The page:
The aim of Olympic Solidarity is to help NOCs support athletes, coaches and sports administrators to promote the Olympic values around the world, with a particular emphasis on those who are in greatest need of support.

The 2017-2020 report shows the impact Olympic Solidarity has had on athletes through various programmes, including scholarships to support athletes at the Games.

Programmes such as the NOC Athletes’ Commission (AC) Activity Grant award USD 10,000 to help encourage projects to empower athletes around the world.

What is Olympic Solidarity?

The first form of Olympic Solidarity began to take shape in 1960 as an assistance programme for countries, and particularly newly independent countries, to create and develop their own National Olympic Committees (NOCs), with the objective of developing sport and Olympic values globally.

Although it focuses primarily on athlete development, Olympic Solidarity also provides a number of programmes which support the training of coaches and sports administrators, thus allowing you and your fellow athletes to benefit from a well-prepared entourage that can offer you the skills you need to progress to a career after sport.

In the most recent four-year period (2017-2020), over 25,000 athletes benefited from Olympic Solidarity, through 2,700 scholarships and more than 13,500 NOC activities, including 64 forums, workshops and seminars.

Here are the ways in which Olympic Solidarity has supported athletes in recent years, as detailed in the 2017-2020 report.

Check out the report here.

 Getting athletes to the Games

Between 2017 and 2020, Olympic Solidarity scholarships were awarded to athletes competing at three editions of the Games: PyeongChang 2018, Tokyo 2020 and Beijing 2022. Across these three events, over 2,700 athletes have been supported on their journey, with the majority of Tokyo scholarships being extended for a year due to the impact of COVID-19.

Of those athletes, 827 qualified for Tokyo 2020, with 30 gold, 36 silver, 47 bronze medals and 185 diplomas won between the Olympic scholarship-supported competitors, including Doo Hoi Kem. At Tokyo 2020, Doo was part of the Hong Kong team who took Olympic bronze in the women’s team table tennis event.

“My ultimate goal is to win a medal at an Olympic Games for Hong Kong,” she said, prior to Tokyo 2020. “With the support of Olympic Solidarity, I can improve my performances by participating in more international competitions.”


With the support of Olympic Solidarity, I can improve my performances by participating in more international competitions.

 

Doo Hoi Kem


It’s been really useful for my training as a professional cyclist, and for helping me qualify for the Refugee Olympic Team.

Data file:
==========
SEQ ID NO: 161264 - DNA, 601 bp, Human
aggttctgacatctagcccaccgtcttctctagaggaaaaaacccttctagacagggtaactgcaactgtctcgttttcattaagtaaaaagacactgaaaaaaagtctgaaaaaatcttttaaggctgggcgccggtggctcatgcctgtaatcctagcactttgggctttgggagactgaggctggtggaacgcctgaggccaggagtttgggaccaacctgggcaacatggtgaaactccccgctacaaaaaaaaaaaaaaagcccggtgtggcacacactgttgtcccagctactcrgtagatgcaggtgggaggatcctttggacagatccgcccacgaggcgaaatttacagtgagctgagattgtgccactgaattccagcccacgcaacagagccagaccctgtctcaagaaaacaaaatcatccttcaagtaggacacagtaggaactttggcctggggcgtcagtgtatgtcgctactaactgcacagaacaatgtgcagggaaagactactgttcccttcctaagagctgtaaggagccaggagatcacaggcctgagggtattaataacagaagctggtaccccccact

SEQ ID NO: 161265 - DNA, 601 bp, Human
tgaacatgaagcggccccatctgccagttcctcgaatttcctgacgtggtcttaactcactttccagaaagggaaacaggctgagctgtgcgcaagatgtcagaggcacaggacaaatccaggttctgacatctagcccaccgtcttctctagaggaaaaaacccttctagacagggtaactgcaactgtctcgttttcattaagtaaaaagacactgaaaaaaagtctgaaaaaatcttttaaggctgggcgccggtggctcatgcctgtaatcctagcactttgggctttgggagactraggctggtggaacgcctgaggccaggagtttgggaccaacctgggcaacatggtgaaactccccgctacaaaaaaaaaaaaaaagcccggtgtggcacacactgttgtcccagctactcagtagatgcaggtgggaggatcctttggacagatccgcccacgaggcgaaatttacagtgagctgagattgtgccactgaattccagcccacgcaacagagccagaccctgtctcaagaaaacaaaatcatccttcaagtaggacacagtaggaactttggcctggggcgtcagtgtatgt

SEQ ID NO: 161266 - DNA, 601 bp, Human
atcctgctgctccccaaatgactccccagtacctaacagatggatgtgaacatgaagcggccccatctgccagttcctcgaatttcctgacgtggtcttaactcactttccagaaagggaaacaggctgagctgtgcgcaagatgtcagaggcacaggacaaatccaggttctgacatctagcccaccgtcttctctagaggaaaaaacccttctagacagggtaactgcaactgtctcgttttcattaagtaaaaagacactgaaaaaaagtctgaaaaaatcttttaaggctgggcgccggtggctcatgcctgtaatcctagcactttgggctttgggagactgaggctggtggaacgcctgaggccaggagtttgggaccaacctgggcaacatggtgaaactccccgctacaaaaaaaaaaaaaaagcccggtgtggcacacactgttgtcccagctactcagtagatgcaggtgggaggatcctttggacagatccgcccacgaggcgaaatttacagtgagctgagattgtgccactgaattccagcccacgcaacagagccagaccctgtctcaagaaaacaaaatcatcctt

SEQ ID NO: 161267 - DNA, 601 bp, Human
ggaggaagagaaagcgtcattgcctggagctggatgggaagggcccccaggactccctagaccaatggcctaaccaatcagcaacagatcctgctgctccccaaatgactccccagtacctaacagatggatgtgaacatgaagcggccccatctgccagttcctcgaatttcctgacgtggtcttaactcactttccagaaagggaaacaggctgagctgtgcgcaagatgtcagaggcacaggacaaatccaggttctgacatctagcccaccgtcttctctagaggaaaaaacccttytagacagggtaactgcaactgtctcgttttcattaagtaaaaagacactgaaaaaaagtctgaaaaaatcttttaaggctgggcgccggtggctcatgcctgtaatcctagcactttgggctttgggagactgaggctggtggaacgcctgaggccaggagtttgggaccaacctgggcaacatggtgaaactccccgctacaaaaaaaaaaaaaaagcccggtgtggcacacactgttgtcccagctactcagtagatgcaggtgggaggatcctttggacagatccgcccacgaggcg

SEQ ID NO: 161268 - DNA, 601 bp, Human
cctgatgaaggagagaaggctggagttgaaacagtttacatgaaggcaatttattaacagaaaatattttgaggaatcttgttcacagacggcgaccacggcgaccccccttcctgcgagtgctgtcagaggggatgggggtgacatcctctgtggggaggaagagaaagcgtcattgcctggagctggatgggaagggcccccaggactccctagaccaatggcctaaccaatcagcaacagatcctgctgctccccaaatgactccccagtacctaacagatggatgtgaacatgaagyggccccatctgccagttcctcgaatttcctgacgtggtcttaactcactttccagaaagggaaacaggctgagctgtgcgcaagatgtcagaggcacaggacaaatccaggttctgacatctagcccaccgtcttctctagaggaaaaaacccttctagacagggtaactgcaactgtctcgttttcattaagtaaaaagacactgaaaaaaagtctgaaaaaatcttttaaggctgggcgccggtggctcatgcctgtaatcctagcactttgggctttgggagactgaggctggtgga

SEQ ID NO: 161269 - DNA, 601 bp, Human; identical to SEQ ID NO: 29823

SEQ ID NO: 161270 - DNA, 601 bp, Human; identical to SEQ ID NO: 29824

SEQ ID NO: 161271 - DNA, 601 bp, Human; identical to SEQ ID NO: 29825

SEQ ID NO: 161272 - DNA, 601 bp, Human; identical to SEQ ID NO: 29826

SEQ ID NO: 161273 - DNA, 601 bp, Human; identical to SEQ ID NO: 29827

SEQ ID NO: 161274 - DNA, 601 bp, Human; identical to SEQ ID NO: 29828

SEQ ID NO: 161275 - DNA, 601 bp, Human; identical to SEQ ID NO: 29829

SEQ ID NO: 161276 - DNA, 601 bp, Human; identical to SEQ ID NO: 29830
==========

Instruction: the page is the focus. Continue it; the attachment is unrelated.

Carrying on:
Ahmad Badreddin Wais

Supporting refugee athletes

As part of supporting athletes on their journey to the Games, Olympic Solidarity has also been assisting NOCs of all countries that are hosting refugee athletes, with this programme benefiting refugee athletes across all five continents.

In total, 29 refugee scholarship holders from 13 countries of origin competed for the IOC Refugee Olympic Team Tokyo 2020 across 12 sports, including road cyclist Ahmad Badreddin Wais, who paid tribute to how the scholarship had helped his development.

“It’s been really useful for my training as a professional cyclist, and for helping me qualify for the Refugee Olympic Team,” he said. “Switzerland is an expensive country, so the scholarship allows me to focus full-time on training. Not only this, but it also teaches me how to interact with journalists and plan for competitions, which are important aspects of an athlete’s life.”

Giving athletes extra skills

Another focus of the last quadrennial was to equip NOCs with the tools they need to support you and your fellow athletes off the field of play. This is achieved through different programmes, such as the Athlete Career Transition (ACT) programme or NOC AC Activity Grants.

The ACT programme comes in two forms: individual grants to help you and other athletes complete education courses in a field of your own choice, and Athlete365 Career+ Power Up Outreach Workshops. More than 90 NOCs benefited from the ACT programme over the last Olympic cycle, with 46 individual education grants and 57 Career+ Outreach Workshops held in the same period.

No matter what stage you are at in your career, it’s important to think about what you want from the future. Find out more about the Career+ Power Up Workshops.

Meanwhile the NOC AC Activity Grants, which resulted from a recommendation from the 2019 International Athletes’ Forum, and was approved by the Olympic Solidarity Commission, have empowered athletes’ representatives across the globe by making USD 10,000 available each year per NOC AC. This grant can be used in a number of ways, such as establishing and developing ACs, holding educational seminars and forums, supporting national athlete career transition programmes, or creating stronger athlete networks within NOCs. The Guatemalan and Sierra Leonean NOCs are just two examples of those which have benefited from the USD 10,000 grant.

The Tajikistan NOC AC used the grant to conduct expert-led training seminars on topics such as safeguarding, anti-doping, sports psychology and more. Mavzuna Chorieva, Chair of the Tajikistan NOC AC, said: “Many [athletes] declared that the programme was filled with hugely necessary information in supporting their careers. The knowledge they’ve obtained will be incorporated into their daily practice and future work.”


Many [athletes] declared that the programme was filled with hugely necessary information in supporting their careers. The knowledge they’ve obtained will be incorporated into their daily practice and future work

 

Mavzuna Chorieva, Chair of the Tajikistan NOC AC

The Olympic Solidarity-funded NOC AC Activity Grants are an unmissable opportunity for your commission to strengthen its activities.